lights instantly and burns with a high-temperature blue flame.
Figure 3-15. - Melting furnace, plumber's ladle, and melting pot.
This type of furnace consists of a fire pot and valve assembly that mounts directly on a portable propane gas tank. The tank is detachable and can be recharged with fuel. A propane furnace, as shown in figure 3-15,
Look for leaks before you light the furnace. There is always a danger of explosion from gas leakage around the connections and valves. To light the propane furnace, fold or twist a piece of paper and light it. Hold the flame up and under the burner orifice of the fire pot. Stand back as far as possible and open the fuel valve until the burner lights. When the valve is opened too much or too rapidly, the pressure of the escaping gas may extinguish the lighter flame. If this should happen, close the fuel valve immediately and then light the paper before you reopen the valve.
Molten lead is dangerous. Most accidents occur because the Utilitiesman ignored safety procedures. When molten lead is handled, be SAFETY MINDED. When moisture gets into the molten lead, the heat will cause the moisture to boil rapidly and splash hot lead out of the melting pot. If you suspect moisture in the lead, heat the lead with a torch until the moisture is driven off. Now, you can add the lead to the melting pot. Make sure the plumber's ladle is free of moisture too.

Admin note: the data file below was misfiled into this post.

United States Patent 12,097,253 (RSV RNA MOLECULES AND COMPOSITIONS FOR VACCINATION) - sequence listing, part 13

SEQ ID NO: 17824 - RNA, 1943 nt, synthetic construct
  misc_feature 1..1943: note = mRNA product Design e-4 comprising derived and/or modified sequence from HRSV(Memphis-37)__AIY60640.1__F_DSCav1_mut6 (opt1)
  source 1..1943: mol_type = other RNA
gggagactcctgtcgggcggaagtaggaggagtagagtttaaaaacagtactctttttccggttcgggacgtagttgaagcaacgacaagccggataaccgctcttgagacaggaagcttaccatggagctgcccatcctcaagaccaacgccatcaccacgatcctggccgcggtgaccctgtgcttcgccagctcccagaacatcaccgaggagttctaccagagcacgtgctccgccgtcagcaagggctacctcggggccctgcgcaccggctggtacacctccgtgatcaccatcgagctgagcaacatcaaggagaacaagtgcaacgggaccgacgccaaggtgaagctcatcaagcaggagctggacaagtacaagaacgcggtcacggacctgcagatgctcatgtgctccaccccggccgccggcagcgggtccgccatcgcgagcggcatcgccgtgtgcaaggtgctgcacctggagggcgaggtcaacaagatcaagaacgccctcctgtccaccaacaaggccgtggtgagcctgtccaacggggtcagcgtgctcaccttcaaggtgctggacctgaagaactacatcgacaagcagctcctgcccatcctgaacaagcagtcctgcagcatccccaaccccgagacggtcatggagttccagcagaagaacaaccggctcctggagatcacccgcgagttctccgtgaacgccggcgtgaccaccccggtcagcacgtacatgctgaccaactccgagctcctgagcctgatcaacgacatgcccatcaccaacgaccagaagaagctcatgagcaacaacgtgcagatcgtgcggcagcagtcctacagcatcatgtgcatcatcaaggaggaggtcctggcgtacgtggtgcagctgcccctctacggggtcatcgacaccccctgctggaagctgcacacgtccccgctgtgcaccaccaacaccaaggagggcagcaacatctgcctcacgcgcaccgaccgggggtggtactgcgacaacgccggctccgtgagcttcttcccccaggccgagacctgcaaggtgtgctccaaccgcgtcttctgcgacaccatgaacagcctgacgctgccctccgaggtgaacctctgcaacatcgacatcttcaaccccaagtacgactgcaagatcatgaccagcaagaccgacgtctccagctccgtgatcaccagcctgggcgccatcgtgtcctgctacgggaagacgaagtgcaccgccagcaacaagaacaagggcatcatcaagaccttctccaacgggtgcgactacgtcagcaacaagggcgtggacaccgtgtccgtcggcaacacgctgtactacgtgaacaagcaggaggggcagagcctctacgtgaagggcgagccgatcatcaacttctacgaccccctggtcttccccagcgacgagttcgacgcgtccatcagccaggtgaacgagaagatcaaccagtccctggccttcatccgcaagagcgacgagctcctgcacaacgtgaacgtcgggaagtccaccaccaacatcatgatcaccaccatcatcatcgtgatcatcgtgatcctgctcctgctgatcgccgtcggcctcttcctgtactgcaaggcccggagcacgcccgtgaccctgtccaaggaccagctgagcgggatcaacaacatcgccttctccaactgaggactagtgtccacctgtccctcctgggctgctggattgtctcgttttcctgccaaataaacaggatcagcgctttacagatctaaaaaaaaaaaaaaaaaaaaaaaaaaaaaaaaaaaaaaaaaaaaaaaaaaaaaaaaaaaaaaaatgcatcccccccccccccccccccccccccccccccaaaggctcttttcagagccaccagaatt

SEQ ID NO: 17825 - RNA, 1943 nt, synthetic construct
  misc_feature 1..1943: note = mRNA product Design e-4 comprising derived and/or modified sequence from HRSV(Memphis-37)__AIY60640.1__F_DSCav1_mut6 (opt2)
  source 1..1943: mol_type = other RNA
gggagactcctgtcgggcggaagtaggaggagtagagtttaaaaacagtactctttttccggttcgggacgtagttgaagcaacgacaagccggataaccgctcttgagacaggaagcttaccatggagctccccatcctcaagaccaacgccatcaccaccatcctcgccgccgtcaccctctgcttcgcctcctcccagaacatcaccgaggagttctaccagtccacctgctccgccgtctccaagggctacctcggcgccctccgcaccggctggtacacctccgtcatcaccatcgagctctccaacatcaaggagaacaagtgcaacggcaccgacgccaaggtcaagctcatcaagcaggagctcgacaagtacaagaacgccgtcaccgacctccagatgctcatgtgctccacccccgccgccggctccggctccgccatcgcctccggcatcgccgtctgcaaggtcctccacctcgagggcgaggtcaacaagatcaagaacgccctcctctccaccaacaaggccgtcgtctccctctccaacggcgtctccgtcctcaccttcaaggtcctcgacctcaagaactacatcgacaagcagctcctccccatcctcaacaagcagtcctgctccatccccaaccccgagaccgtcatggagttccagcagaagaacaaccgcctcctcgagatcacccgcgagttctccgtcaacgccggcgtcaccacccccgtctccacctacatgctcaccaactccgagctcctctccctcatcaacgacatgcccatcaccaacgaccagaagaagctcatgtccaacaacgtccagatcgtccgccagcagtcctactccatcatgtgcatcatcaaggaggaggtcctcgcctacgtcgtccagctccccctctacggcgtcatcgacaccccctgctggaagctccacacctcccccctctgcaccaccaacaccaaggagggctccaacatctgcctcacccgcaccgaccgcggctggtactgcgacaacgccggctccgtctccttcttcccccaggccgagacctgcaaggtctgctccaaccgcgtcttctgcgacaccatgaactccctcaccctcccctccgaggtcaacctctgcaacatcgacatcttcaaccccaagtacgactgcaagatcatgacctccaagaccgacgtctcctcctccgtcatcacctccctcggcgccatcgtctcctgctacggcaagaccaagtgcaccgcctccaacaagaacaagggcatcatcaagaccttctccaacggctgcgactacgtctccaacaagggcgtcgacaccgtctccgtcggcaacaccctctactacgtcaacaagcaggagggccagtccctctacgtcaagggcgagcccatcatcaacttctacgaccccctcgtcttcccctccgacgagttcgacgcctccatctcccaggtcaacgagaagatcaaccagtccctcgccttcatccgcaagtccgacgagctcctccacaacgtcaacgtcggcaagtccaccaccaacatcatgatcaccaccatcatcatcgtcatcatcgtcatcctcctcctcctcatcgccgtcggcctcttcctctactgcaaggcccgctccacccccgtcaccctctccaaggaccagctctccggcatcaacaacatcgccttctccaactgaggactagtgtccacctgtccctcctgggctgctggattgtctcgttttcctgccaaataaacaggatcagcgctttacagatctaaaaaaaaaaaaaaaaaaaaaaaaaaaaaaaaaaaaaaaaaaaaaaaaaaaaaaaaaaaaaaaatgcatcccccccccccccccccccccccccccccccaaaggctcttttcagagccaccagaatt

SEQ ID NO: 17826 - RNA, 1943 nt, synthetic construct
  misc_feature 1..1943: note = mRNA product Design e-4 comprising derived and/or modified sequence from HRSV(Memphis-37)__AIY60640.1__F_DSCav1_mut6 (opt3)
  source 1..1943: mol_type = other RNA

When lead is melted, certain products of oxidation, known as slag, form on top of the molten metal. The slag must be removed from the lead before it can be used for pouring a joint. Scoop it up in the plumber's ladle. Use care in disposing of the slag.
Always preheat the ladle before you dip it into the lead because a cold ladle chills and solidifies some metals. When the ladle is in steady use, keep it hot by hanging it over the edge of the pot. In loading the ladle, use the bottom of it to push back the dross (or scum) on top of the lead, exposing enough clean lead so that the ladle can be filled and withdrawn without dross. Do not disturb the molten lead more than is necessary.
Wear a face shield, gloves, and protective clothing when melting and pouring the lead. Keep out of range of flying lead even though the joint appears dry. Also, see that drops of perspiration do not drop into the pot of hot lead.
When making vertical caulked joints, you should wipe the hub-and-spigot ends of the pipes to remove moisture and foreign matter. WATER CAUSES MELTED LEAD TO SPATTER AND SERIOUS BURNS MAY RESULT. If the ends are wet, dry them with a torch. Slide the spigot end of one pipe into the hub of the other and align the joint, so the cut end is inContinue Reading